• Slow down! Because visibility is so bad in fog, you can’t see the road or other vehicles very well. This is not the time to speed. Go slow and pay attention. It is better you get to your destination in one piece than early.
  • Beware of any animals on the road. Animals feel more hidden by the fog and are bolder to jump into roads or highways. Fog means less time for them to see you, and for you less time to see them. As a consequence, it is more likely that you get into a deer or other animal related accident.
  • Use the right edge of the road as a guide. This helps you to stay in your lane so you don’t drift into the other one. Also use roadside reflectors to guide you. The markings can help Do not use the lights of vehicles in front of you as guides. Pay attention to the road in front of you, not the road in front of them.
  • Increase your distance from other vehicles. You want to have proper time to respond to any obstacles on the road. Decreased visibility means longer braking times, so you want to ensure you don’t crash into the car in front of you. A good rule of thumb is to leave at least 5 seconds, or 3 vehicles of space, behind another vehicle. Again, this space is your friend.
  • On that note, don’t accelerate if a car behind you is too close. Speeding will make your situation worse. Even if others don’t, stick to safe speed.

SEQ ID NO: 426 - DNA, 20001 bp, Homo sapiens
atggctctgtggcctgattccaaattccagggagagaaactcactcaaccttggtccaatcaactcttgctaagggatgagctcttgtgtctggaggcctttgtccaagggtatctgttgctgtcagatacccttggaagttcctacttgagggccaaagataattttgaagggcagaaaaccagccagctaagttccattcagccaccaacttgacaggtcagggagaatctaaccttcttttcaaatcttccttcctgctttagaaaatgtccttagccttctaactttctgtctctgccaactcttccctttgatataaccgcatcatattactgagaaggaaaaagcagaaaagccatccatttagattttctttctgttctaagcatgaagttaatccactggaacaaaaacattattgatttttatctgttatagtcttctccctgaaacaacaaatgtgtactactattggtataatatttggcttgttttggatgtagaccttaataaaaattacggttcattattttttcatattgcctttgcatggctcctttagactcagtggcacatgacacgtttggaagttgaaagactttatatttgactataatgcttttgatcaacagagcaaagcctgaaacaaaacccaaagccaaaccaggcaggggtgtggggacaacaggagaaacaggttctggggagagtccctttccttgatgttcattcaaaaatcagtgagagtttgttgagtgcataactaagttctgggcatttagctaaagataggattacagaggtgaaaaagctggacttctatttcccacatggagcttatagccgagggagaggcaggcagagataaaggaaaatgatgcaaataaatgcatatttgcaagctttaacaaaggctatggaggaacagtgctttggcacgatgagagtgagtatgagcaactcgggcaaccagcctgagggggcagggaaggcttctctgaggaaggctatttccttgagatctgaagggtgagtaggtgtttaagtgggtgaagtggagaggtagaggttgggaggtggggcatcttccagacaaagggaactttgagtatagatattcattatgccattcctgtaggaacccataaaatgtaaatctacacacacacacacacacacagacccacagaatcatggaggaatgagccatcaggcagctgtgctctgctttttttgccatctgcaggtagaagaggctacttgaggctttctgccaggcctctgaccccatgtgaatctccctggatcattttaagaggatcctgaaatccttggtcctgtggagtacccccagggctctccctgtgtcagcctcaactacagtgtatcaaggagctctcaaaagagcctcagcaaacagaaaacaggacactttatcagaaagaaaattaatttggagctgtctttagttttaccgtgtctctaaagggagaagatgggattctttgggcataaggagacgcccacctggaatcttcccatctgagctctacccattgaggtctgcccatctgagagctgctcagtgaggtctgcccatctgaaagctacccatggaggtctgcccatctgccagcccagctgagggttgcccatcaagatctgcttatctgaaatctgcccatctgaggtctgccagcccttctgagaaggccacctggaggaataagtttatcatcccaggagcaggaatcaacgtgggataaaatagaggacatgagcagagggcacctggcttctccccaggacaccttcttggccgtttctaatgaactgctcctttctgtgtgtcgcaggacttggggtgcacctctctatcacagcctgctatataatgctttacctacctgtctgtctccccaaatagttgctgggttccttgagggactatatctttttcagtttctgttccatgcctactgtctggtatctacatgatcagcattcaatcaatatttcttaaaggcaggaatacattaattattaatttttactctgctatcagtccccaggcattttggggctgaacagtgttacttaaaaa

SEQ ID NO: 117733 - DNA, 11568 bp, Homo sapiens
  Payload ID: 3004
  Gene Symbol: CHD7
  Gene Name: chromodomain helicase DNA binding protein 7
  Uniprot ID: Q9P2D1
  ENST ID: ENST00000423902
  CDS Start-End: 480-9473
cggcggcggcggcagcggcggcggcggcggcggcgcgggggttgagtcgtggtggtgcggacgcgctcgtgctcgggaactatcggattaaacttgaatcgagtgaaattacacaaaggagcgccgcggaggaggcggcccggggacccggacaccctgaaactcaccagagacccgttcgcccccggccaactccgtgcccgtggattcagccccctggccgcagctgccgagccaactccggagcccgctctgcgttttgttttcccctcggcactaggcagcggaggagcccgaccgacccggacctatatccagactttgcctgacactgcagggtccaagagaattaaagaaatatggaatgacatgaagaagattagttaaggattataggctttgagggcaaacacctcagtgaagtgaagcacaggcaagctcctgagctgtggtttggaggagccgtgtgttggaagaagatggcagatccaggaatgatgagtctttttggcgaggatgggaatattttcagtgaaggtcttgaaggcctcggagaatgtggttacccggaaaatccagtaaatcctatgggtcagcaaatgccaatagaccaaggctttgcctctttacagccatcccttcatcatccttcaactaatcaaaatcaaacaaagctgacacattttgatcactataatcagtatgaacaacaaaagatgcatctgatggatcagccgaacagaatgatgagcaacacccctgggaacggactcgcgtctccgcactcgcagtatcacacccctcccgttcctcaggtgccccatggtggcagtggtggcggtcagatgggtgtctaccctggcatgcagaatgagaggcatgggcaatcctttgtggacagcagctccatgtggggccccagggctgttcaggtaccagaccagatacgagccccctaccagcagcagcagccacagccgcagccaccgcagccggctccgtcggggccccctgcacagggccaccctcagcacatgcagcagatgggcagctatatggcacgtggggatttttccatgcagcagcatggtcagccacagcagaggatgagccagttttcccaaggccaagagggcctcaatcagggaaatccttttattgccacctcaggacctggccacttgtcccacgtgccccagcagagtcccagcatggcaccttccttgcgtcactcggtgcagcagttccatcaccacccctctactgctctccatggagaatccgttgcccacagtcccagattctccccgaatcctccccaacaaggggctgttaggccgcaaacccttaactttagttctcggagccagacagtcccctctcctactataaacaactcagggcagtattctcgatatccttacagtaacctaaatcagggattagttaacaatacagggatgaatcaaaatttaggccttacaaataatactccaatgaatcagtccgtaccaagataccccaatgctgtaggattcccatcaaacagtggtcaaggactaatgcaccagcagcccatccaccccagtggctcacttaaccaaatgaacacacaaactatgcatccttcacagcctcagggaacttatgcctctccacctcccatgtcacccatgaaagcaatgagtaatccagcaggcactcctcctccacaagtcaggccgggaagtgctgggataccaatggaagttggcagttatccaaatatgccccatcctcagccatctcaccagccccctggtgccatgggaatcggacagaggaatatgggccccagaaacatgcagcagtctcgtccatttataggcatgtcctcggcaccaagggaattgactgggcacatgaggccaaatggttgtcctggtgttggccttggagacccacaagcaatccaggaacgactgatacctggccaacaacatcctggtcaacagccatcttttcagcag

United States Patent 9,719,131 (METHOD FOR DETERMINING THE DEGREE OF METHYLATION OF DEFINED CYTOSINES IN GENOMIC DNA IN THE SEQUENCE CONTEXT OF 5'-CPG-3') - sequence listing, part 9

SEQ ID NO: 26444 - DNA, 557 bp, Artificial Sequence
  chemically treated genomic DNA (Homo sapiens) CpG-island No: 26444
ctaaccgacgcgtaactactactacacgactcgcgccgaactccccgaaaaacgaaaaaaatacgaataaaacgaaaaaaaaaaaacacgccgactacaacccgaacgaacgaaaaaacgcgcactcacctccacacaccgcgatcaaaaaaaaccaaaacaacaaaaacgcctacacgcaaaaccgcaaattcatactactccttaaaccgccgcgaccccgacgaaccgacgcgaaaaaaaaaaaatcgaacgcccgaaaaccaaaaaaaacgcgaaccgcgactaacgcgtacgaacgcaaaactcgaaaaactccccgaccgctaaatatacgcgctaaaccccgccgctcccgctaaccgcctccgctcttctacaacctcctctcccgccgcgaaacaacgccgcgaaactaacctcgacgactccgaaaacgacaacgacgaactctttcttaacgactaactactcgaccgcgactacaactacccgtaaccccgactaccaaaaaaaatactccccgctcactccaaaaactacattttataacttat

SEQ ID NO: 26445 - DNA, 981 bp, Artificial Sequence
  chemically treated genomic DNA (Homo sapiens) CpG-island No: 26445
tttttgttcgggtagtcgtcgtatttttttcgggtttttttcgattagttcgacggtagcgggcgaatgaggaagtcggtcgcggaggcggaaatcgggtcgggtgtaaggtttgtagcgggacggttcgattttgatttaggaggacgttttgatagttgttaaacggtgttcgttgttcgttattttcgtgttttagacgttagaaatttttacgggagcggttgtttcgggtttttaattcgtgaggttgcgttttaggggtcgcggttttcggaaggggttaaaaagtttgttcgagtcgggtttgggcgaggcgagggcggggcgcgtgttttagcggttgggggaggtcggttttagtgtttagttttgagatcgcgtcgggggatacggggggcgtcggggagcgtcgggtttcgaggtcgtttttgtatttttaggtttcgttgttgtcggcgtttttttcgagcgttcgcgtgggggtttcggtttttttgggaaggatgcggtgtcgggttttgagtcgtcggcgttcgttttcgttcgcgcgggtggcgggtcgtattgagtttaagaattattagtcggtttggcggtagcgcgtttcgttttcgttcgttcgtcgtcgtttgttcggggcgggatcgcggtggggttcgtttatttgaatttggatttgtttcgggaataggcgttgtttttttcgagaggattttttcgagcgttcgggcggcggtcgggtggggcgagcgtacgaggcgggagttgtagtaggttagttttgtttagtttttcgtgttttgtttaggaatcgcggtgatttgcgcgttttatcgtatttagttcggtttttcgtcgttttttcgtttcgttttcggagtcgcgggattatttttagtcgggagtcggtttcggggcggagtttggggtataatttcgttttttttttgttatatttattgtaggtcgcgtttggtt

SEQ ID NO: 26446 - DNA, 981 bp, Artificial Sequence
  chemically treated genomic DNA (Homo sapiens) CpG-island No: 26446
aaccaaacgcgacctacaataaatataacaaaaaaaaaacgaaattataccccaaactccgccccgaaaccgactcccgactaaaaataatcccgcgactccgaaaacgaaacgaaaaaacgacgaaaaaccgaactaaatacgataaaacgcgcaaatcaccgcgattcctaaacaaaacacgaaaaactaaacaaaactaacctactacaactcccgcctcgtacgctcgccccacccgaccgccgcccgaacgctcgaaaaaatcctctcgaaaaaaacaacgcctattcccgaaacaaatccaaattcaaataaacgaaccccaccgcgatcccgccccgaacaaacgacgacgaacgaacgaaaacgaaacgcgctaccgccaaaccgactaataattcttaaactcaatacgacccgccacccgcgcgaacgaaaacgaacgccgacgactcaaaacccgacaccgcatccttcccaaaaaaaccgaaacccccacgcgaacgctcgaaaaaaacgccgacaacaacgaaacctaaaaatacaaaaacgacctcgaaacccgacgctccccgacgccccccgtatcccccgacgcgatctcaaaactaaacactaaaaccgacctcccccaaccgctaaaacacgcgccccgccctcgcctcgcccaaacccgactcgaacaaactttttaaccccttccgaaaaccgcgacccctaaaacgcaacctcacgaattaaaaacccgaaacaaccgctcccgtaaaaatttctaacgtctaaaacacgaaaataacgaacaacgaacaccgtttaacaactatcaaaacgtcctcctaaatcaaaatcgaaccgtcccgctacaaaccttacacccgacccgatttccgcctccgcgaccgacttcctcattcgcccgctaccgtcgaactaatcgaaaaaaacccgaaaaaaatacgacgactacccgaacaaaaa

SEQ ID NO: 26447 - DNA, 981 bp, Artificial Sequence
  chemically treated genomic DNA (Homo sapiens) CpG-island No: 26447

• When slowing down, make sure you check your mirrors carefully. Gently apply your brakes so drivers behind you can see your brake lights. This way you won’t catch them by surprise with a sudden stop.

Pull Over If The Fog Gets Too Bad

  • If the fog gets too dense for visibility, pull over in a safe area. When you are pulling over, make sure to use your turn signal. Don’t forget to signal earlier than you would when driving in normal conditions.
  • Pull off away from the road. If drivers can’t see the shoulder, they will likely have trouble seeing your vehicle, too. If you are on the highway, get off at the first exit you see and pull over there. A gas station or other roadside venue are both great options to wait out the fog in.
  • Turn on your hazard lights. This helps other drivers know you are stopped. Never drive with your hazard lights on. When they are in operation, your ability to use your turn signals is disabled. If you need to move your vehicle, turn off your hazard lights while doing so.
  • Finally, if it is very cold out, use the blanket in your emergency roadside kit to stay warm. Keeping your vehicle on with the heat running can drain your battery. If your battery does drain, you luckily have your emergency kit with you so your jumper cables are at the ready.
Driving in foggy weather conditions is not easy and it is not recommended. However, sometimes there are reasons that you absolutely have to drive in it. Follow our tips and stay safe. We at SWP Auto Glass prioritize safety. Feel free to contact us online or at +1 (469) 494-3807 if you feel your auto glass is not up to par for driving in foggy or other inclement weather conditions.